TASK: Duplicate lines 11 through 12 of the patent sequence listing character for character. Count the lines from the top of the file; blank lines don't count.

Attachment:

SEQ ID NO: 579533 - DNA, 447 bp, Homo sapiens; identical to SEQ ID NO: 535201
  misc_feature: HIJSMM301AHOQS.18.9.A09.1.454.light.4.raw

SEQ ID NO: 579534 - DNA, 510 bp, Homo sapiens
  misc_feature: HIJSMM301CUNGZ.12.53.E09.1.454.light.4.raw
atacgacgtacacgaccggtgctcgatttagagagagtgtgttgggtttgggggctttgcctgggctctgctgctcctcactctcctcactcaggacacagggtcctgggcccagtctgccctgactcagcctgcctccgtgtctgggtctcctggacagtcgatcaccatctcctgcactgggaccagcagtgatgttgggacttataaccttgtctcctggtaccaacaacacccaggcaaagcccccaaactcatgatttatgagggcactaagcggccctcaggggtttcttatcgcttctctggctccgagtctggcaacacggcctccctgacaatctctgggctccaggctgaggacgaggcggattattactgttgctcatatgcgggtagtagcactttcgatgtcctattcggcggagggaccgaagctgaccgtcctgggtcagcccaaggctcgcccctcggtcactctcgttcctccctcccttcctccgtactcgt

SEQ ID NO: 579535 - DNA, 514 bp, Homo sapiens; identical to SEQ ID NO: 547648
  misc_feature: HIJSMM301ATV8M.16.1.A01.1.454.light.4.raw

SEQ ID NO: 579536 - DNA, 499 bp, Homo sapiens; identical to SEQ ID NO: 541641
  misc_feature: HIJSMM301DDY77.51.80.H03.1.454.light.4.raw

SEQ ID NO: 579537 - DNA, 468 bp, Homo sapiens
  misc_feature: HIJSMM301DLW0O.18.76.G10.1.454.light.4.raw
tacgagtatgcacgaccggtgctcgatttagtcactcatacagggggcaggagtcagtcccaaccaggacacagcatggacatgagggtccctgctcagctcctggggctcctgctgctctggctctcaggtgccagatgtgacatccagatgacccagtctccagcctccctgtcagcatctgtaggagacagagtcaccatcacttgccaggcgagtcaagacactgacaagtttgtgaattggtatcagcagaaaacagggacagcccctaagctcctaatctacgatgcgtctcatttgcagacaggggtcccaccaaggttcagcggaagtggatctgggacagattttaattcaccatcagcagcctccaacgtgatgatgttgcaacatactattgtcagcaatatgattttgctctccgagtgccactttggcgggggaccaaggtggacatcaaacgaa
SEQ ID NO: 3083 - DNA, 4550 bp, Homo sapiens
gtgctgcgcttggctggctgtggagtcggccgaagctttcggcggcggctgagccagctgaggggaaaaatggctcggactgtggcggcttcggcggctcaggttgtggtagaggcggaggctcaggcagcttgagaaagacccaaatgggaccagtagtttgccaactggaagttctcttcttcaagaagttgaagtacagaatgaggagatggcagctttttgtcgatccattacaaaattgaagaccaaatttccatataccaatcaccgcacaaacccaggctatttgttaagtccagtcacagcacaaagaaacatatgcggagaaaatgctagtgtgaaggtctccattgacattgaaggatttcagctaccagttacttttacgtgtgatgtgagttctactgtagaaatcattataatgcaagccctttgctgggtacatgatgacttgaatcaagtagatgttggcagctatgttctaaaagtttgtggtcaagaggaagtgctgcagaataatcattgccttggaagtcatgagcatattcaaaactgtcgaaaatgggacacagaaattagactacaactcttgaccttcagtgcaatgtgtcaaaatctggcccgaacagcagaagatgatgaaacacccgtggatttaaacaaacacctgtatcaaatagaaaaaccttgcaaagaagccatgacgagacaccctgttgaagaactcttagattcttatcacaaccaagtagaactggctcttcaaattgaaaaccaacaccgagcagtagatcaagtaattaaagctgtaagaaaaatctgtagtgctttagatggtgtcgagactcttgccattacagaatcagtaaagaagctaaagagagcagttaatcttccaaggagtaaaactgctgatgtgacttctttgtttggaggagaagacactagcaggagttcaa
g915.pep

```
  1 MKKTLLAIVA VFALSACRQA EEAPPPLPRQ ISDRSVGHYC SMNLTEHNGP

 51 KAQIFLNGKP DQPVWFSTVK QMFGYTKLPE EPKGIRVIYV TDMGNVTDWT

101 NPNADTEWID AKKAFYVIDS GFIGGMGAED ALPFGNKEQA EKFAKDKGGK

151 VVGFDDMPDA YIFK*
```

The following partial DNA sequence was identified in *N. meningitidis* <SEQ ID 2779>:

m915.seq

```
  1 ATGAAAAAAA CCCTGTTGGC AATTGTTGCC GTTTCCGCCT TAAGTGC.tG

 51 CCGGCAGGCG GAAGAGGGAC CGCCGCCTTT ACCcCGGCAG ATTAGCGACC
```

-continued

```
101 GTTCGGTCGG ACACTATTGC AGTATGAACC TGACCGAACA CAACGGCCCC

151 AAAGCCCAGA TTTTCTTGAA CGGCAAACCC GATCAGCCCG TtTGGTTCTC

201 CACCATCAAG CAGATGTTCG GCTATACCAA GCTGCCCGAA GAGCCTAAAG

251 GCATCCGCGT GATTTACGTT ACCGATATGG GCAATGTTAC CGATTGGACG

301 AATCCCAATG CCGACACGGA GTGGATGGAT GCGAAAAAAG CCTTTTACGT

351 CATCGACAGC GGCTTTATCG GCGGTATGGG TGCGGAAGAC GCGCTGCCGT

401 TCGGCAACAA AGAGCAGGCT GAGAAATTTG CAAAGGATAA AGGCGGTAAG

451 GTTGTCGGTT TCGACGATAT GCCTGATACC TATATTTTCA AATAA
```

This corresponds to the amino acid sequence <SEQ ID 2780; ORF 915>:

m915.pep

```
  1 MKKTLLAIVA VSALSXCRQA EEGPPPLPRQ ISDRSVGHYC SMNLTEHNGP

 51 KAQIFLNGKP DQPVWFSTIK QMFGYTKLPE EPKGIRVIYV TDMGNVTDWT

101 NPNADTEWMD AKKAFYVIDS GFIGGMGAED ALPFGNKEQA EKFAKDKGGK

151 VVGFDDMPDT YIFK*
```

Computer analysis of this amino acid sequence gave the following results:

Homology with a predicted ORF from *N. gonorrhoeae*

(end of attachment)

  misc_feature: HIJSMM301DLW0O.18.76.G10.1.454.light.4.raw
tacgagtatgcacgaccggtgctcgatttagtcactcatacagggggcaggagtcagtcccaaccaggacacagcatggacatgagggtccctgctcagctcctggggctcctgctgctctggctctcaggtgccagatgtgacatccagatgacccagtctccagcctccctgtcagcatctgtaggagacagagtcaccatcacttgccaggcgagtcaagacactgacaagtttgtgaattggtatcagcagaaaacagggacagcccctaagctcctaatctacgatgcgtctcatttgcagacaggggtcccaccaaggttcagcggaagtggatctgggacagattttaattcaccatcagcagcctccaacgtgatgatgttgcaacatactattgtcagcaatatgattttgctctccgagtgccactttggcgggggaccaaggtggacatcaaacgaa